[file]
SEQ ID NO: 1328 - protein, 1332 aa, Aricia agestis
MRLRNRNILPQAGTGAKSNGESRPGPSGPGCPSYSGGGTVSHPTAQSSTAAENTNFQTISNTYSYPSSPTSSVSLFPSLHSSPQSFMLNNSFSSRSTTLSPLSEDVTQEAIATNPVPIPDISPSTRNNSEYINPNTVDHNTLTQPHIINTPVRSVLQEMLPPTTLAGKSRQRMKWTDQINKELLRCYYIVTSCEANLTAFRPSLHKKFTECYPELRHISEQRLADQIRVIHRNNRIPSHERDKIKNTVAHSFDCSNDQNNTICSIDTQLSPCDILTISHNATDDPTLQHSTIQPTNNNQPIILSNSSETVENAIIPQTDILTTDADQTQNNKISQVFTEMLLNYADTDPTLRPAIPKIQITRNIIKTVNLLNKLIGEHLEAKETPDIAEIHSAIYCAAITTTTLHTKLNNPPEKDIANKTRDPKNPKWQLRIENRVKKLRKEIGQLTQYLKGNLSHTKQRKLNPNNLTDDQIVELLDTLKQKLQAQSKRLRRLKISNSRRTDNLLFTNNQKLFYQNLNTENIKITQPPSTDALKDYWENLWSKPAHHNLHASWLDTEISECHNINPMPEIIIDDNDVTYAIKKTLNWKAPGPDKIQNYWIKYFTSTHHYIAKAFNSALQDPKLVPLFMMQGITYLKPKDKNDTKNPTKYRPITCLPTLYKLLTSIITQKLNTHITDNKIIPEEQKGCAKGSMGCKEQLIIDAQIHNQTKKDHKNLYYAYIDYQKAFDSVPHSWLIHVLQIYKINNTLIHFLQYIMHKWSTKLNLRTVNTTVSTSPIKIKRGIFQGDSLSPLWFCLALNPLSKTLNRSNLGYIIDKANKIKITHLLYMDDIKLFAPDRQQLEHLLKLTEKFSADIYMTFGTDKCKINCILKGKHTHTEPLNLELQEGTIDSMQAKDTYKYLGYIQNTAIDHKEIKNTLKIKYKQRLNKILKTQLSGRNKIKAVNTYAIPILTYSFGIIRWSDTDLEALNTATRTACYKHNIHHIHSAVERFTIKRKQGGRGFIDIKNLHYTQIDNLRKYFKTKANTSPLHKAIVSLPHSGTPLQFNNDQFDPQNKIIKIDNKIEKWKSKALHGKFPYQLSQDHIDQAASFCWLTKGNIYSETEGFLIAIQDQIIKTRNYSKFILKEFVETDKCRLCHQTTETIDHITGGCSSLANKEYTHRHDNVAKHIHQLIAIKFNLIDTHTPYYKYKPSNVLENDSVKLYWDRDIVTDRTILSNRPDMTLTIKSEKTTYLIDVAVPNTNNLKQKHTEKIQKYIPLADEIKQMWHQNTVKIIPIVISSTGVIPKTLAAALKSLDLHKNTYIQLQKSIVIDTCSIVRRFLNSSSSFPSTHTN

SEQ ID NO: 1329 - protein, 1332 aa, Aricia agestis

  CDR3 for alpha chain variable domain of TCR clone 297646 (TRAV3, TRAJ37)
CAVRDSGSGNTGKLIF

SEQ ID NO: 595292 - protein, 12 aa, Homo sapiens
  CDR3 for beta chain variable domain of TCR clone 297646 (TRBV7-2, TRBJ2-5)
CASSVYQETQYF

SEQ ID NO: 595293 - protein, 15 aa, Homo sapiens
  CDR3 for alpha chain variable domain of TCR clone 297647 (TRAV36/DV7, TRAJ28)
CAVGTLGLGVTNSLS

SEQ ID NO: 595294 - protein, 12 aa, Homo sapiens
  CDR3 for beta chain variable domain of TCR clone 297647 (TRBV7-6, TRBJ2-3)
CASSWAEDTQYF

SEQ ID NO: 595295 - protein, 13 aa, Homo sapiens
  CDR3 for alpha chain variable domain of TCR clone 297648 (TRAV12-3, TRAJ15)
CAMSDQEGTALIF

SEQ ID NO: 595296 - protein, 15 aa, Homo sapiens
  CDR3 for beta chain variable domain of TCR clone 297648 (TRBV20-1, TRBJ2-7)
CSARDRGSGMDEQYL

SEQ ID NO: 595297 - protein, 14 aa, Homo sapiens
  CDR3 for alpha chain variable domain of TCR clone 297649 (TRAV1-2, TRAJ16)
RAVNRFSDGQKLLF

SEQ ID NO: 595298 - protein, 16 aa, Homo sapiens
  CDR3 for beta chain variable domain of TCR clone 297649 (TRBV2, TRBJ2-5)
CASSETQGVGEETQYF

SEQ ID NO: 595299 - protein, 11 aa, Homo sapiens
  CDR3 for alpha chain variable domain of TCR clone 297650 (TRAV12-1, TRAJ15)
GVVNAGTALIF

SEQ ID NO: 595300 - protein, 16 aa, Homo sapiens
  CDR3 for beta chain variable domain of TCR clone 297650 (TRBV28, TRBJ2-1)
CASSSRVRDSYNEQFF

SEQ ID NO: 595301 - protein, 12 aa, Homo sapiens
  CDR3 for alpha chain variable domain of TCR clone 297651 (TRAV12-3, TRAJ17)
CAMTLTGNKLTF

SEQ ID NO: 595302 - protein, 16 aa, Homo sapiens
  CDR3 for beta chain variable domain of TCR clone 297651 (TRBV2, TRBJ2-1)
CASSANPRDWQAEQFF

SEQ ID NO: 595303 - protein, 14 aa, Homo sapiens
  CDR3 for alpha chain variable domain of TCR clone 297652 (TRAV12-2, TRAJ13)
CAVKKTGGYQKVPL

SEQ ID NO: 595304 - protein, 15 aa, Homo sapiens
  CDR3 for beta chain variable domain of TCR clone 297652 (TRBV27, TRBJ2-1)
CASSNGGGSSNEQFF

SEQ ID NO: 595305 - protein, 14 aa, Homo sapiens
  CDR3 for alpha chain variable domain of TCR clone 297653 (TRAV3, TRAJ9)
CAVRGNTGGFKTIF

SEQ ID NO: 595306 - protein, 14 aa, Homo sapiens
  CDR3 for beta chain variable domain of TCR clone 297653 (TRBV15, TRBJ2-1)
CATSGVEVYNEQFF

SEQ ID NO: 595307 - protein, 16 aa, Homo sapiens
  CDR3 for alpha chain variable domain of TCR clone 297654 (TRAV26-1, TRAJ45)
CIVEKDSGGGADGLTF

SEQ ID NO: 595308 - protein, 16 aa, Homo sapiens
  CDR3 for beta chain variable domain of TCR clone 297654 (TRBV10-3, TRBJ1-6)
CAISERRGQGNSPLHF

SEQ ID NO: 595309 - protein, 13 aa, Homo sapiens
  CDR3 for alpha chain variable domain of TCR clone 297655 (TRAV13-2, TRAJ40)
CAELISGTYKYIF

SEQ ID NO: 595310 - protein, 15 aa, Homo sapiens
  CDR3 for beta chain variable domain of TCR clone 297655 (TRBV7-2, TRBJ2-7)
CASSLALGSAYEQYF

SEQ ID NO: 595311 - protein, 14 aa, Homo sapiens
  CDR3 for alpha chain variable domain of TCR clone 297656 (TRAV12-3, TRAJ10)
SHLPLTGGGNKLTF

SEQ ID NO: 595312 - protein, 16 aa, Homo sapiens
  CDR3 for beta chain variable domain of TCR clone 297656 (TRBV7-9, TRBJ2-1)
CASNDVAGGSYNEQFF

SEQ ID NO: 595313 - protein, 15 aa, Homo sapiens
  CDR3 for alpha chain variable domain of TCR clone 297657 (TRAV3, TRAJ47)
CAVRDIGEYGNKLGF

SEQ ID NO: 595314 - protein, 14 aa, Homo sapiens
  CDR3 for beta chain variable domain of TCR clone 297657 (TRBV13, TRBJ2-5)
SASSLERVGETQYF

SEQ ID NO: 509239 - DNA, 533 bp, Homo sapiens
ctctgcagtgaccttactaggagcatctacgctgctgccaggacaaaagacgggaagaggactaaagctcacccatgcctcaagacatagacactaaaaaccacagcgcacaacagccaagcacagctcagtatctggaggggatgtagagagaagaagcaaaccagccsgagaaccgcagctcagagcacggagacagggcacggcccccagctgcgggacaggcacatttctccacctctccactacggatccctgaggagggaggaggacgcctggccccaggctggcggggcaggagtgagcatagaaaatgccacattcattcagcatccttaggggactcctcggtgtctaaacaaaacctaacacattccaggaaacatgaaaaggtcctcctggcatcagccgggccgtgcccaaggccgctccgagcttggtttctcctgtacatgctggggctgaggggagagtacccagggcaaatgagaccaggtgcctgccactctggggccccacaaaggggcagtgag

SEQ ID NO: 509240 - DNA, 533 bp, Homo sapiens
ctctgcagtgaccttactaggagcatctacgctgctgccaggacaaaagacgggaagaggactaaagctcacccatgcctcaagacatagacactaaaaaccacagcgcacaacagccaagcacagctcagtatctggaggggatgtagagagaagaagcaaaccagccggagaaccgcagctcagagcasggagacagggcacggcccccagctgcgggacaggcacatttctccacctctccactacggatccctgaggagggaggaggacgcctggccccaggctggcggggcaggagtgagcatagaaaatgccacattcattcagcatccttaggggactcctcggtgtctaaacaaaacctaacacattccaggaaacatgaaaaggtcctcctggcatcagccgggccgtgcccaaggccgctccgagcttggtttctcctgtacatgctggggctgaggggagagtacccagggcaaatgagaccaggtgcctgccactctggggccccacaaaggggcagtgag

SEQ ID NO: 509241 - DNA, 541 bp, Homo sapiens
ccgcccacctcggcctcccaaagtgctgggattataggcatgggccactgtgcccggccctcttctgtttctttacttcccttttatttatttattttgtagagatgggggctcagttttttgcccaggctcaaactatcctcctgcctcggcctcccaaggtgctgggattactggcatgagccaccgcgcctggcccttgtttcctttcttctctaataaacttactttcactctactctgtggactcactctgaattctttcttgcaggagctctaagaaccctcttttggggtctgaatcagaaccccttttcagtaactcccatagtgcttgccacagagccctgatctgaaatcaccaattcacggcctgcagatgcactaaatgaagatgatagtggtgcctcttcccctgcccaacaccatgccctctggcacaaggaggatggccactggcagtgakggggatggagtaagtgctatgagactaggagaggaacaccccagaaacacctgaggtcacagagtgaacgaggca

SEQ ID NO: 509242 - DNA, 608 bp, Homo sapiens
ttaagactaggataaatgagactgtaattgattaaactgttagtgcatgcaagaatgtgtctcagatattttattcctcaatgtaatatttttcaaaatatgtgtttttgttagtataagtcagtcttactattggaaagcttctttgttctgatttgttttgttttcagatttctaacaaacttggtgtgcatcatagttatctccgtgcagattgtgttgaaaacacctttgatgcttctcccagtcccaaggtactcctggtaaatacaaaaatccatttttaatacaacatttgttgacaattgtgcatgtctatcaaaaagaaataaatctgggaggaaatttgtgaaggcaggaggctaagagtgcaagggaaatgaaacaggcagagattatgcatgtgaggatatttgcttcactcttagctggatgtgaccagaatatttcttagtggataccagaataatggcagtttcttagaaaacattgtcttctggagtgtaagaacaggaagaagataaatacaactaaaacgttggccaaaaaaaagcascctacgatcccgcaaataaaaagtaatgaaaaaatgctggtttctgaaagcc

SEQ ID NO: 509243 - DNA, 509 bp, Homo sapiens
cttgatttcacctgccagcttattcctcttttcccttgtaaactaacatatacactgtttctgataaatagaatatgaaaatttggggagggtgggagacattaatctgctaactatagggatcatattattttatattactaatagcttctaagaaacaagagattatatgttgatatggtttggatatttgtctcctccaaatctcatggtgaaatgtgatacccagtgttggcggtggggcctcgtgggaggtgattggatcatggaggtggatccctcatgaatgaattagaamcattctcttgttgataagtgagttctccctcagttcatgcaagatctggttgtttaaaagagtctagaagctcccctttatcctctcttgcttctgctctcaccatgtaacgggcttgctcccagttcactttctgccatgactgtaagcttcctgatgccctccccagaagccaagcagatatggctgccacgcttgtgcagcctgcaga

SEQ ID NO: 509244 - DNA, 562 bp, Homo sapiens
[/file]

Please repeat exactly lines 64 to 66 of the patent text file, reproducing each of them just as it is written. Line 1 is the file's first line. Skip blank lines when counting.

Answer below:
  CDR3 for alpha chain variable domain of TCR clone 297656 (TRAV12-3, TRAJ10)
SHLPLTGGGNKLTF

SEQ ID NO: 595312 - protein, 16 aa, Homo sapiens